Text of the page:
Two aspects of my personality (whether a good thing or not) make a nice fit for fostering littles: I love to celebrate the small stuff, and I turn nearly every occurrence into a learning opportunity (just ask my 11-year-old twins, then insert eye roll in response). Most importantly, as my husband said to me the very first night we discussed the idea of fostering, “We have what these kids need: room in our home, along with love, safety and support to share.”

Huge kudos to parents who foster children entering the system at an older age and are extremely traumatized from years of neglect and/or abuse, with episodes of trauma continuing while they are in care. So many of them deal with attachment disorders, impacting every single relationship they have – with family, friends, spouses, bosses, coworkers, neighbors – for the rest of their lives. Let me be clear: I am not comparing the children, the abuse and trauma they experience, or any aspect of fostering children of different ages. There simply is no comparison.  Parenting is tough throughout every stage of child development, and each stage offers different difficulties as well as different rewards. No matter the age, each child deserves a safe and loving home! Each prospective foster parent should conduct some close self-examination to determine what age children their skills, abilities and sensibilities can offer the most effective care. And each family’s decision is unique and based on a large variety of factors.

In addition to age and gender, foster parents can select a wide range of other preferences and, to be honest, this was the most emotionally difficult part of the licensing process for me. During licensing, you’ll be asked what child factors you are willing to care for – physical issues (from heart defects and diabetes to Down Syndrome, from cleft lip to pregnant teens, and everything in between) emotional problems and behaviors (from kids who show anger and aggression toward themselves or others, ADHD, smoking, bedwetting, the list goes on and on). This exercise is important because it requires you to really dig deep – at a time when you are feeling pretty good about yourself and your willingness to help kids in need – and it forces you to put limits on that willingness and evaluate exactly how far you’re willing to push yourself outside your comfort zone.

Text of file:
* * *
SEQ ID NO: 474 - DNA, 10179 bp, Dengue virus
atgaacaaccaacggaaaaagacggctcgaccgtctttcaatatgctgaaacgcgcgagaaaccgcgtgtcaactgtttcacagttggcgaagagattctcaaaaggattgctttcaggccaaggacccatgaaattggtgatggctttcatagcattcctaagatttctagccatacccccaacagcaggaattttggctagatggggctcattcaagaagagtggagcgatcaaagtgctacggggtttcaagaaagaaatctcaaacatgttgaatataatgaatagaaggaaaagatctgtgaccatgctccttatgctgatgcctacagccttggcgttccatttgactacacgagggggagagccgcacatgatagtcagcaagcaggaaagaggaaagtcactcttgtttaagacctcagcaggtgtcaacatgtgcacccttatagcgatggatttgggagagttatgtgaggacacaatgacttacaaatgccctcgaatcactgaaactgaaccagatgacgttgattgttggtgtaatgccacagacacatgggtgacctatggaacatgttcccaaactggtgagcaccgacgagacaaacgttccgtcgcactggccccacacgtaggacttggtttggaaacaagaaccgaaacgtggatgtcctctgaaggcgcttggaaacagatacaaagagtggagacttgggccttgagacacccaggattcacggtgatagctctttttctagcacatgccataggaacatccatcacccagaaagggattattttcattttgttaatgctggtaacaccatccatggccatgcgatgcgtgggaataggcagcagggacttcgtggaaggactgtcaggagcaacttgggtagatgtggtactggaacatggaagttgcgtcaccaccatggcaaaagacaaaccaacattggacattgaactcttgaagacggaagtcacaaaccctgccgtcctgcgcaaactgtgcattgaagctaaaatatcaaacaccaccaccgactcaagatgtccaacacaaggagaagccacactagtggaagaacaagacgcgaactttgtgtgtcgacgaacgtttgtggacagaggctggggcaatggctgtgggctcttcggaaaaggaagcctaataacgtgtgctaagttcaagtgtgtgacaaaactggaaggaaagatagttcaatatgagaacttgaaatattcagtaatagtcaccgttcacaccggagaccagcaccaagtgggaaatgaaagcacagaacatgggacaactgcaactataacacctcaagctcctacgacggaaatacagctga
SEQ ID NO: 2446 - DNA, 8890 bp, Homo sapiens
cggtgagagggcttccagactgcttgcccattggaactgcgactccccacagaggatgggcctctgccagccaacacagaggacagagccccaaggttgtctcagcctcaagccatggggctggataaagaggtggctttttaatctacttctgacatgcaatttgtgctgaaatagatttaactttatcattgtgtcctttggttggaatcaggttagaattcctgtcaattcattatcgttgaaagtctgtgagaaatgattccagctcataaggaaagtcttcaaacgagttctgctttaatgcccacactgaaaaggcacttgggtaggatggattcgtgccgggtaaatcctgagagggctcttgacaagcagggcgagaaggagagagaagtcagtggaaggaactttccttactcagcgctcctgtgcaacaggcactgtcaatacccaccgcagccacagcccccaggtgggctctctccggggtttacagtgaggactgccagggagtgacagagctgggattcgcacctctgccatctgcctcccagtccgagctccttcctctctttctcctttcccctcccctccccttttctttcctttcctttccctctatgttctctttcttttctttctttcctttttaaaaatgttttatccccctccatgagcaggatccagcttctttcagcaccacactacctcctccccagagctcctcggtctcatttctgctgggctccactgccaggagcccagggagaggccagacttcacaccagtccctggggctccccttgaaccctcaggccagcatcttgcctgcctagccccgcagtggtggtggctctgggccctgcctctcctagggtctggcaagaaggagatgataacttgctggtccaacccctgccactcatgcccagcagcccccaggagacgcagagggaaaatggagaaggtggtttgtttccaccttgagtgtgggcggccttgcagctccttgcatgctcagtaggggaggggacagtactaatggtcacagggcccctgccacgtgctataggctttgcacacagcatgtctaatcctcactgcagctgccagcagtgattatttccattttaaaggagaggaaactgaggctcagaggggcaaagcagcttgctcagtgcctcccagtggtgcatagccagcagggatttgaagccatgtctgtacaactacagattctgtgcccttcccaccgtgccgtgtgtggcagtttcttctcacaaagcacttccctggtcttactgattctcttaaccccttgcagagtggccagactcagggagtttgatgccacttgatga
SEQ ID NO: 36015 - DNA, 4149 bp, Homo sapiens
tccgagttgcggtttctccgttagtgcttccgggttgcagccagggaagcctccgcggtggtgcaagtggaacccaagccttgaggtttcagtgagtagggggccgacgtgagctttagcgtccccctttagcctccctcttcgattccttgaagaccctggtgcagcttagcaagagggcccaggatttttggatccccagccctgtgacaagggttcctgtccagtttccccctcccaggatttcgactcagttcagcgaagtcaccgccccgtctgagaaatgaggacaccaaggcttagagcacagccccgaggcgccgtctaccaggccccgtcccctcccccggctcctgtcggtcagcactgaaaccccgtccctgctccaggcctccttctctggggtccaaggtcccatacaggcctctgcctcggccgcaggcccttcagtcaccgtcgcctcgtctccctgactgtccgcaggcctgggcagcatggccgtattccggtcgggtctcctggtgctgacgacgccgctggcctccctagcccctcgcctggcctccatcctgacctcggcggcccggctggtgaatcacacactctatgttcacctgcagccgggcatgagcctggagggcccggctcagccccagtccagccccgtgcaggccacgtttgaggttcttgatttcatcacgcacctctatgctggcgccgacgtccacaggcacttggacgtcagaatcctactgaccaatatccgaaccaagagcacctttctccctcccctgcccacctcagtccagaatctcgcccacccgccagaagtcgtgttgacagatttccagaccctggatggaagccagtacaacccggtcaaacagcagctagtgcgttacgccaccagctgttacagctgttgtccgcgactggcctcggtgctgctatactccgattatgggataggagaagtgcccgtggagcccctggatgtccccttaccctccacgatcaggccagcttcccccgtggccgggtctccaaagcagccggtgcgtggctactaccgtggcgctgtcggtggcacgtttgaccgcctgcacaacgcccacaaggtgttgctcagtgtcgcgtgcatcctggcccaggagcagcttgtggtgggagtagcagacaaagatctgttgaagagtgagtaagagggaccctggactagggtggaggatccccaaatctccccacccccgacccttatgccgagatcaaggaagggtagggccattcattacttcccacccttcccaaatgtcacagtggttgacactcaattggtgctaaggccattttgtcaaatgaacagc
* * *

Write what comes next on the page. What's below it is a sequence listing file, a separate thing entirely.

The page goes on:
Keep in mind that the more narrowly you set your preferences, the fewer kids you can care for and the fewer calls you will get from the placement office. Kids of all ages and conditions desperately need our help. And more kids enter the foster care system every single day. We are only as good as the care we can provide, so it’s critical to evaluate yourself, your family and your home carefully; however, it’s best to be as open minded as possible and limit your preferences only to those you feel most strongly that you can’t handle.

Speaking with experienced foster parents may give you the best insight into the issue of preferences, and there are many ways you can connect with foster parents before, during and after the licensing process.


Looking for ways to connect with other foster parents? Search for ways to make connections and build your support system. This may be through your local Foster Parent Association, local ministries or support groups, or online communities like #SHAREfostering.

Sara
Sara
Sara has been a foster parent since 2018. She and her husband have biological twin daughters, as well as a son who was born prematurely and died as an infant. She is a proud fundraiser for the March of Dimes and an active volunteer for the local, state and national organizations of parents of multiple birth children. In addition to caring for foster children in her home, Sara also is passionate about recruiting new foster parents and increasing public awareness about issues related to foster care in South Carolina.